At least in political science (I suspect also in other disciplines), there is a common ethic of political neutrality, at least in teaching. This makes overall sense: we don't want to indoctrinate students but help them learn about politics and form their own opinions and political identities. In mainstream political science, at least, such a neutral stance is also taken: We just study what happens, we're descriptive, not prescriptive. Of course, critical theorists have debunked such pretend-neutrality as a particular status-quo oriented value bias.
I suspect that other disciplines have similar written or unwritten neutrality norms. A few years ago, my institution adopted a (very laudable) program in ethics education that offered a range of approaches (they were called "key questions") and engaged students in using these questions whenever they encountered ethical decisions. The questions did not favor any particular ethical outcome; in fact, any decision could usually be justified by at least one of the key questions. Value neutrality! (This is partly justified with a reference to ethical dilemmas, in which no outcome is clearly good or evil. I should add, though, that the perception of a dilemma seems, at least occasionally, to be contingent on our highly individualistic "Western" value system, which is more accepting of openly amoral choices as long as someone comes up with a forcefully presented defense of them.)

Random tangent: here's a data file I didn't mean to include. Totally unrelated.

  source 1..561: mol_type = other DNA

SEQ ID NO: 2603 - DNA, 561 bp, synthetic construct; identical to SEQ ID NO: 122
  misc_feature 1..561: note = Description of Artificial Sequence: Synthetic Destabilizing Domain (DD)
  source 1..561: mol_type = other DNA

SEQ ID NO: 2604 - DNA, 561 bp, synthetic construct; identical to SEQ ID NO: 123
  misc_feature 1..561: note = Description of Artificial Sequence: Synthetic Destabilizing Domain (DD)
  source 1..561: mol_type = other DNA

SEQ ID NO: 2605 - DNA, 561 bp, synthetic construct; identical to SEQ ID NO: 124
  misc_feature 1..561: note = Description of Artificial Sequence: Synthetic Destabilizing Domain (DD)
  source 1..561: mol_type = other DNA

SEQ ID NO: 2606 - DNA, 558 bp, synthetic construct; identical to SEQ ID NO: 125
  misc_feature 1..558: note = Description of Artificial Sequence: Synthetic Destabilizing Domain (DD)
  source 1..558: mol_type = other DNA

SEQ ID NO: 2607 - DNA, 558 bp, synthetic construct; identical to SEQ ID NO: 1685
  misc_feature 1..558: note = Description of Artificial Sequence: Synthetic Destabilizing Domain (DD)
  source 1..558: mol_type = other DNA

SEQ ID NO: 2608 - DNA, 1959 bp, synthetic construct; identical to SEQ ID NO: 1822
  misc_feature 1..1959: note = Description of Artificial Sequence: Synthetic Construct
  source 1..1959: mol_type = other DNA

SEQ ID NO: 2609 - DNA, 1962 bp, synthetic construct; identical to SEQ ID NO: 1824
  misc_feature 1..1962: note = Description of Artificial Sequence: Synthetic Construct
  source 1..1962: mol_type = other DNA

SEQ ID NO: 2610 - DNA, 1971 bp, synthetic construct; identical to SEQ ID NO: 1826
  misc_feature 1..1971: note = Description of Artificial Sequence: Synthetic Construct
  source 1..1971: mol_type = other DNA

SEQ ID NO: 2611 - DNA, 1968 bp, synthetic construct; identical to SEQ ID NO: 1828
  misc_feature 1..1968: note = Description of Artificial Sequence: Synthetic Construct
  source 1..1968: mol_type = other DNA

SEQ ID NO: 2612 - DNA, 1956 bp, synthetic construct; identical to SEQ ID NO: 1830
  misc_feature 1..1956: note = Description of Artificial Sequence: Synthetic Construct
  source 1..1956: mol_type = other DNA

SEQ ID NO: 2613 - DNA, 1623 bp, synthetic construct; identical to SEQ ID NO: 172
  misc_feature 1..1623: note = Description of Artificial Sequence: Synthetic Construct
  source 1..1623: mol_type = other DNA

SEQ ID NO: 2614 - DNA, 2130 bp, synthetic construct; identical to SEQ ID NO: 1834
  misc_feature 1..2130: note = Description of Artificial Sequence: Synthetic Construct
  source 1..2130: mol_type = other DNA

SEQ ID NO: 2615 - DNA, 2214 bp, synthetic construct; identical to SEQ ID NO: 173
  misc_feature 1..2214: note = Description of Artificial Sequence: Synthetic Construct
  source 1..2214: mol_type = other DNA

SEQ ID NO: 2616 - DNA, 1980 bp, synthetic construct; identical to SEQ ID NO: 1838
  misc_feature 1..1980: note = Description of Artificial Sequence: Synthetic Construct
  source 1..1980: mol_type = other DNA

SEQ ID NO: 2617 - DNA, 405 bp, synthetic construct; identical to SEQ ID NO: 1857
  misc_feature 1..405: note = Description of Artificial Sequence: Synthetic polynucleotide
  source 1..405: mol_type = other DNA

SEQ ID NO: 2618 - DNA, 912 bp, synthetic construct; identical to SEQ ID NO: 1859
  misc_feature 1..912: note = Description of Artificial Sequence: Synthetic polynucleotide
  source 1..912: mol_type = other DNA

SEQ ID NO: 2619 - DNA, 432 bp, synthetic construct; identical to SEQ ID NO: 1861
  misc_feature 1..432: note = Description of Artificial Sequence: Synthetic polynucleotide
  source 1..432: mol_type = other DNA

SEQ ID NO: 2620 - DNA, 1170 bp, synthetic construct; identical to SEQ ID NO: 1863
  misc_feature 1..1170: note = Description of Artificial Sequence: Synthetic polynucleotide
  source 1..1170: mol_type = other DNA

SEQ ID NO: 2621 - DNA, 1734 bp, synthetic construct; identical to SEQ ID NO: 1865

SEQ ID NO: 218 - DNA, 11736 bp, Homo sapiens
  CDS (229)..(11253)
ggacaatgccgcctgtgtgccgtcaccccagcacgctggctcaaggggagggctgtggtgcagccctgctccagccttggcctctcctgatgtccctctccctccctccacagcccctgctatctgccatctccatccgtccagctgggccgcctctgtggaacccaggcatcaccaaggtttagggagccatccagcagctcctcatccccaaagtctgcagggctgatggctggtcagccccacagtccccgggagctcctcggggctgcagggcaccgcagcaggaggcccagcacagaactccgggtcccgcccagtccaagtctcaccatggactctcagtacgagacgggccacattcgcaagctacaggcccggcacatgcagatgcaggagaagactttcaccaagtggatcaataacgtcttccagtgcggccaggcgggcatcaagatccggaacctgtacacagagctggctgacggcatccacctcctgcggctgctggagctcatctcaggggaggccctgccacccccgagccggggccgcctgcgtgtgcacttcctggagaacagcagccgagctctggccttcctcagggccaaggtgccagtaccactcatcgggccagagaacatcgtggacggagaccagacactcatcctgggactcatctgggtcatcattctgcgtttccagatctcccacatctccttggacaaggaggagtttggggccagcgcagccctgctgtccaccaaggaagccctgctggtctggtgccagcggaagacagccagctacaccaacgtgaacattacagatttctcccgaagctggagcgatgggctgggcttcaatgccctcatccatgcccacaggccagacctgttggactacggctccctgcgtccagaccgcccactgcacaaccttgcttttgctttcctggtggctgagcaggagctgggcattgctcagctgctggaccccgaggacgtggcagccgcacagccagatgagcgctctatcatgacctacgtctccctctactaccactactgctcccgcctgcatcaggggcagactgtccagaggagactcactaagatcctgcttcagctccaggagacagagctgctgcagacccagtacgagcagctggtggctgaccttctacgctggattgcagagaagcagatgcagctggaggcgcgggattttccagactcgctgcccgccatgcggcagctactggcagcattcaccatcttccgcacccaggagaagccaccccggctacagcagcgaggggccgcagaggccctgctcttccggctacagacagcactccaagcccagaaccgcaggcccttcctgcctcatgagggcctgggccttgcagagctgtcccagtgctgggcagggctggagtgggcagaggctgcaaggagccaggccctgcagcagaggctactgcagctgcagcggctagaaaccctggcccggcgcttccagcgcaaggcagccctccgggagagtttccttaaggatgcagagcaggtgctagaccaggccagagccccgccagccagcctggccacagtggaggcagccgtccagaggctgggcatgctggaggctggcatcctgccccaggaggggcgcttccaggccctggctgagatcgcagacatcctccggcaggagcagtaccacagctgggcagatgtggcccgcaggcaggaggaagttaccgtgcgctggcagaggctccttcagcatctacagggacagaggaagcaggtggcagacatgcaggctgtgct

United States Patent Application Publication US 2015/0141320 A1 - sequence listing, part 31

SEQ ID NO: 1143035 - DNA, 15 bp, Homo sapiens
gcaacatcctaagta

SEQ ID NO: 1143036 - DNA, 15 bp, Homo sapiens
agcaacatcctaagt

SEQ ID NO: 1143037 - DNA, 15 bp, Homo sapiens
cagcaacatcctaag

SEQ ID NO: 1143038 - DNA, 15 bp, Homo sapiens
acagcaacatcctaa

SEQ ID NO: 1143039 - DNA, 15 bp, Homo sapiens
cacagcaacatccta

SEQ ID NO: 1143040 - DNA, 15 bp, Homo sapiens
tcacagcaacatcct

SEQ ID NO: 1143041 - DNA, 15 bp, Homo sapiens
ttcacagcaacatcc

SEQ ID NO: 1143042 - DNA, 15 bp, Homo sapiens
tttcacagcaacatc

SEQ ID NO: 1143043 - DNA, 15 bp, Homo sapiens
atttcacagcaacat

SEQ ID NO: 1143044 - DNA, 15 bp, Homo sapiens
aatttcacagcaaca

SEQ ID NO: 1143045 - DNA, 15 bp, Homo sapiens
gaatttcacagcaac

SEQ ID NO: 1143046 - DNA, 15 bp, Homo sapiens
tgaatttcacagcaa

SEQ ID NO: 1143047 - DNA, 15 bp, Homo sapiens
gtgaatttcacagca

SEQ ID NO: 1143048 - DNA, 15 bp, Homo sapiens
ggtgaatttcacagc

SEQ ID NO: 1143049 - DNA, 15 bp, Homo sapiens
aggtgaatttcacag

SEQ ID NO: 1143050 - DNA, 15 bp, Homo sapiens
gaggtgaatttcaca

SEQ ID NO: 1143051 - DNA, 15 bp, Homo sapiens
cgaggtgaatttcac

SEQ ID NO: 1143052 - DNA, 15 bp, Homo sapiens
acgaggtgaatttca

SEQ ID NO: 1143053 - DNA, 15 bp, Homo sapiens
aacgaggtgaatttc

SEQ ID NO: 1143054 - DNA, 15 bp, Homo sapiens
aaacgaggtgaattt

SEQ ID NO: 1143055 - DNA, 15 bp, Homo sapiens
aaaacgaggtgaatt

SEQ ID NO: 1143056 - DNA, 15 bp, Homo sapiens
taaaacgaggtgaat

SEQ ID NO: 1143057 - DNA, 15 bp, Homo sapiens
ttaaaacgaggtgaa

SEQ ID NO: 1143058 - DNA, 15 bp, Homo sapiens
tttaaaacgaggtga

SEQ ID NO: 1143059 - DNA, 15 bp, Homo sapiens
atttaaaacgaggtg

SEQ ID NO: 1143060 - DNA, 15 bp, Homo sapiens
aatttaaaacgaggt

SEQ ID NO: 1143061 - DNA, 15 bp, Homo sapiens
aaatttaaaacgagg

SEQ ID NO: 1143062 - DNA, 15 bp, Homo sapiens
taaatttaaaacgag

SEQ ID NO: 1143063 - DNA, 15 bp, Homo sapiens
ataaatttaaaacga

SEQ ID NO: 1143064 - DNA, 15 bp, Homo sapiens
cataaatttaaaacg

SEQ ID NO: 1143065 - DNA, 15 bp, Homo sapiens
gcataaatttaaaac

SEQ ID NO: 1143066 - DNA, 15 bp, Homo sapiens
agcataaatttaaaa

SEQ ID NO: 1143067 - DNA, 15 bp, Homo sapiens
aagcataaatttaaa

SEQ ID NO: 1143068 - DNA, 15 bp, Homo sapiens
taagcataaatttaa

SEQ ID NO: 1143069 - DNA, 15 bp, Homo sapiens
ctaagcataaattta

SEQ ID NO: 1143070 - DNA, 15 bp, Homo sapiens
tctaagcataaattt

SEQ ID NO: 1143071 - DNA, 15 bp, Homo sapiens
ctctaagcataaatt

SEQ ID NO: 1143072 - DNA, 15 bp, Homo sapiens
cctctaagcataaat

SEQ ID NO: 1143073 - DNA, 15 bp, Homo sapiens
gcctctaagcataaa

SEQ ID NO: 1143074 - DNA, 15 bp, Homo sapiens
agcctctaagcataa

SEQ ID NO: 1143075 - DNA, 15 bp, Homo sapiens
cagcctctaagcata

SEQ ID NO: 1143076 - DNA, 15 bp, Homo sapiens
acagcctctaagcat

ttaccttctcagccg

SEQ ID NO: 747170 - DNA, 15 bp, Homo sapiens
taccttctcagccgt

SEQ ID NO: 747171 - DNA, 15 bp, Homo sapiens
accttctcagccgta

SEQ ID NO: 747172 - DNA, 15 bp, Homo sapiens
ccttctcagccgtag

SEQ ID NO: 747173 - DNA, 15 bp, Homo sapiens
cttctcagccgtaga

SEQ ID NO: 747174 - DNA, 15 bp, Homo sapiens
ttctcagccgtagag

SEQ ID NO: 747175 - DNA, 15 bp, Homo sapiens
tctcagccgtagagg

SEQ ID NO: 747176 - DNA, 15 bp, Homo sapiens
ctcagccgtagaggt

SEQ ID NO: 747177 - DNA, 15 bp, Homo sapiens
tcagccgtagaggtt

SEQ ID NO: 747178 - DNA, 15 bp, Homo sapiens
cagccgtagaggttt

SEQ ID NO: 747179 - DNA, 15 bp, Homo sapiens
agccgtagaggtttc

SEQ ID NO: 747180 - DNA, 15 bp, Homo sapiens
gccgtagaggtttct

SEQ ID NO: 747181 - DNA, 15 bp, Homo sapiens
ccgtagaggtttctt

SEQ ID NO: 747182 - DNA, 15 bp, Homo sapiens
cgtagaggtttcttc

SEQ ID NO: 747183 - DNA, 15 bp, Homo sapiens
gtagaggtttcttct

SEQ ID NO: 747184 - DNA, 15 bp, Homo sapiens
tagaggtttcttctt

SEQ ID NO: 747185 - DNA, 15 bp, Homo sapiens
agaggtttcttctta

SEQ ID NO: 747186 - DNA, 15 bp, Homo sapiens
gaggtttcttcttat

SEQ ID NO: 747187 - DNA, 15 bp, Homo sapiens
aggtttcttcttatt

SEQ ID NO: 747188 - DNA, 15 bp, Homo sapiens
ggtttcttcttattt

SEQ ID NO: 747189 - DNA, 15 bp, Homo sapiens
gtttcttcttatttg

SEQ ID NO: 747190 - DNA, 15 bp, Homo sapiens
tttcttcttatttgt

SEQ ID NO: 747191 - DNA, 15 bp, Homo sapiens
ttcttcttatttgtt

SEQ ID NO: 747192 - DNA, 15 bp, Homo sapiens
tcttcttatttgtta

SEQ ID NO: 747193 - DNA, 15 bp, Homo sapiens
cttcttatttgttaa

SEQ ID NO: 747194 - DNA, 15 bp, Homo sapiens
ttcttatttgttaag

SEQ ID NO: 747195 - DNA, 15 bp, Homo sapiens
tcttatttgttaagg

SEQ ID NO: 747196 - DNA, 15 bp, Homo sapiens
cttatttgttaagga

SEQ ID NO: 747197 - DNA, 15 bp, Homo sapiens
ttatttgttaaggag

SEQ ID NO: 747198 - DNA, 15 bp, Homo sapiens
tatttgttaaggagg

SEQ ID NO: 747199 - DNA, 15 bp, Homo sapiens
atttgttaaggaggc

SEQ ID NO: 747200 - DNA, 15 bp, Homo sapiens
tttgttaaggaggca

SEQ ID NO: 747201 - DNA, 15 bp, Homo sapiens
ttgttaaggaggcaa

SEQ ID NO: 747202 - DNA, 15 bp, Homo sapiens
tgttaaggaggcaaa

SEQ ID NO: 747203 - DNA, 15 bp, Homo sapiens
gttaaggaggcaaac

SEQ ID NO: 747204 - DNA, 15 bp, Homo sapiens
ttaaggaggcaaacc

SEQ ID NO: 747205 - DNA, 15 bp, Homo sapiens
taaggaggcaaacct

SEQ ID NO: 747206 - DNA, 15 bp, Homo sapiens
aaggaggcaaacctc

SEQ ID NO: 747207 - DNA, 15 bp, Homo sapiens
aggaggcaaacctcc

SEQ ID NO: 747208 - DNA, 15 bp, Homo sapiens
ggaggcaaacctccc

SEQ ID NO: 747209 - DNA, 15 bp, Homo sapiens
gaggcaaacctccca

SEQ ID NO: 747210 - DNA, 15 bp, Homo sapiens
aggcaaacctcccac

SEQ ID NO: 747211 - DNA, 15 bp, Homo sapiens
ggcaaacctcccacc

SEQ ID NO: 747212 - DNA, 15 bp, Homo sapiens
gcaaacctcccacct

What I find paradoxical about value neutrality in our teaching is that we take this stance in order to help students develop their own values, political views, identities; but by pretending that we are value neutral, we privilege NOT having values. In other words, we want students to make well-reasoned, carefully considered value choices while performing the roles of those who eschew value choices.
Obviously, who are we shitting? Not our students: they know that we hold values, and they imagine what they might be. I don't think we are helping them become good, moral human beings by pretending we are moral and political blank slates.